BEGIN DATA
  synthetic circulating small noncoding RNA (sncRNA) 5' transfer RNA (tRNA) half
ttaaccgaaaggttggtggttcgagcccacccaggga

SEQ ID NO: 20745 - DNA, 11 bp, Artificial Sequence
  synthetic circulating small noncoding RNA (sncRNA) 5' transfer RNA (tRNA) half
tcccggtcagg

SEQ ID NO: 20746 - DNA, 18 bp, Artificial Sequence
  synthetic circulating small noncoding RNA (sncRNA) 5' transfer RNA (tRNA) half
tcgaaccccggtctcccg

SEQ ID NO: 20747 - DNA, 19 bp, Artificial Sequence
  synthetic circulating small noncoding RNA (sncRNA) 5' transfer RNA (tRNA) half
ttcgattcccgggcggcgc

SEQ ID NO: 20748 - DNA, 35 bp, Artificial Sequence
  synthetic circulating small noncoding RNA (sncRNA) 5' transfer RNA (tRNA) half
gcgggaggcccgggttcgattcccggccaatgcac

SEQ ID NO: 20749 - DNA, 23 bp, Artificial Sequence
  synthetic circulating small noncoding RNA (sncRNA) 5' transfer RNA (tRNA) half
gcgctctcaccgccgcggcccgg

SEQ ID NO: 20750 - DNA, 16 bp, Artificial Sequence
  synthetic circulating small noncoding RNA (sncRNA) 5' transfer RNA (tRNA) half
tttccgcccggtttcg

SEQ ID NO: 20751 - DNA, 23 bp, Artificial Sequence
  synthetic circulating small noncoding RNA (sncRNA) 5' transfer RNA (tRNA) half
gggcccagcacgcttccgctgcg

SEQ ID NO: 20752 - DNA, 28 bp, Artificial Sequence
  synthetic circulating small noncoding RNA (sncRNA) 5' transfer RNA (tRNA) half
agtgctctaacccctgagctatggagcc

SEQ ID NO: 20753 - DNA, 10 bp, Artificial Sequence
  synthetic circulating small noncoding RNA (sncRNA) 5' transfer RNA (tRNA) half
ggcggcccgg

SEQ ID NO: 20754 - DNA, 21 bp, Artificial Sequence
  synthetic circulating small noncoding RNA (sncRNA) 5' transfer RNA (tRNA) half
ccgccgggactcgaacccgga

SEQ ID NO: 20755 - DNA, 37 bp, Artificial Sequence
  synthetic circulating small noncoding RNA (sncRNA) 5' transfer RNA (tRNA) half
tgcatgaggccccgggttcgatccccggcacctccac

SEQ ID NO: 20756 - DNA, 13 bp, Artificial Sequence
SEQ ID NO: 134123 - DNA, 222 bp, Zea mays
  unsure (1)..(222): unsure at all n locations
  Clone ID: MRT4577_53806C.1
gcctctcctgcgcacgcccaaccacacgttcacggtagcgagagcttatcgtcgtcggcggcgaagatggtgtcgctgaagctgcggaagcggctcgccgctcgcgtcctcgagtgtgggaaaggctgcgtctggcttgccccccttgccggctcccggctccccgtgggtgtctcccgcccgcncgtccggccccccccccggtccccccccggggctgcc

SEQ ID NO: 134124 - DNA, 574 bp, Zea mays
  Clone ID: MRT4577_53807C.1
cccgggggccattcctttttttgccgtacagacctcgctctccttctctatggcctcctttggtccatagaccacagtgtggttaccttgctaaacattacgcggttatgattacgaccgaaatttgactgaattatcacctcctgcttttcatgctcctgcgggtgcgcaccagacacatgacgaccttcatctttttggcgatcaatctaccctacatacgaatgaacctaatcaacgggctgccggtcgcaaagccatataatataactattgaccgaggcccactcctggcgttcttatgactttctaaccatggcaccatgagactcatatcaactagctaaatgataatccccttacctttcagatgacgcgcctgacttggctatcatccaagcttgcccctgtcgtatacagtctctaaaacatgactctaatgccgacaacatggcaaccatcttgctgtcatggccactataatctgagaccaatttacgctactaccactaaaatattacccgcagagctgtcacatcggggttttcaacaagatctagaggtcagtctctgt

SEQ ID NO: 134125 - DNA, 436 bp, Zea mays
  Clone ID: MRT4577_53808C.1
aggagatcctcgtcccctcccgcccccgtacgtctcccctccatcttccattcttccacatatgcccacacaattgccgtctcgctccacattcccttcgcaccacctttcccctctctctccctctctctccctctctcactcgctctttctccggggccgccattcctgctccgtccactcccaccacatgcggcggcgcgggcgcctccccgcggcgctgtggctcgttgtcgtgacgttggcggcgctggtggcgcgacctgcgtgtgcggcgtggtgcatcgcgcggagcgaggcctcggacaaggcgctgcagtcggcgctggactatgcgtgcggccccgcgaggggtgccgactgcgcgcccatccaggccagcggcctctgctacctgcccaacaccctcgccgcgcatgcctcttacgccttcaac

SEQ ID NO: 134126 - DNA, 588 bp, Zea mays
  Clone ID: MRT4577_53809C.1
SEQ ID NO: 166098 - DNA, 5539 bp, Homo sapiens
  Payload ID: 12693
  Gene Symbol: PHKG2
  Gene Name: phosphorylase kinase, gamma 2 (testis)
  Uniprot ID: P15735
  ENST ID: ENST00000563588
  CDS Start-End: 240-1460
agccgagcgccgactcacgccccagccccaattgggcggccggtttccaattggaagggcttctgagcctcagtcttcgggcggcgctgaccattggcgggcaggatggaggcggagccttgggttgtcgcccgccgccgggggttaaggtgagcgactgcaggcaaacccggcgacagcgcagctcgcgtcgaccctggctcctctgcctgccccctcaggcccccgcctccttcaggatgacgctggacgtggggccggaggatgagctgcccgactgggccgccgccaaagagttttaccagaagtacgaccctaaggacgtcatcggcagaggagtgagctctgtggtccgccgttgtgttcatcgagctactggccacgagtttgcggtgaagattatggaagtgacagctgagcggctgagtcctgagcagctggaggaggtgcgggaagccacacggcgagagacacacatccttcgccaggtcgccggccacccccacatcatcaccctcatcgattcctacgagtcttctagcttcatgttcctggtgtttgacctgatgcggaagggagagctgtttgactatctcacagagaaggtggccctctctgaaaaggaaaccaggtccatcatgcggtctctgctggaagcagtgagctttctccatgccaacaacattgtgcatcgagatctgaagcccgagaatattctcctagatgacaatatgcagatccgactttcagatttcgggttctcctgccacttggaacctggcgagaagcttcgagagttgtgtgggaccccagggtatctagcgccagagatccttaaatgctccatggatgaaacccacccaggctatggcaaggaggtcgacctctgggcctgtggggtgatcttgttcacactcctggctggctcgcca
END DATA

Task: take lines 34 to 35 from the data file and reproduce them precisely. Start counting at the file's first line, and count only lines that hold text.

  synthetic circulating small noncoding RNA (sncRNA) 5' transfer RNA (tRNA) half
tgcatgaggccccgggttcgatccccggcacctccac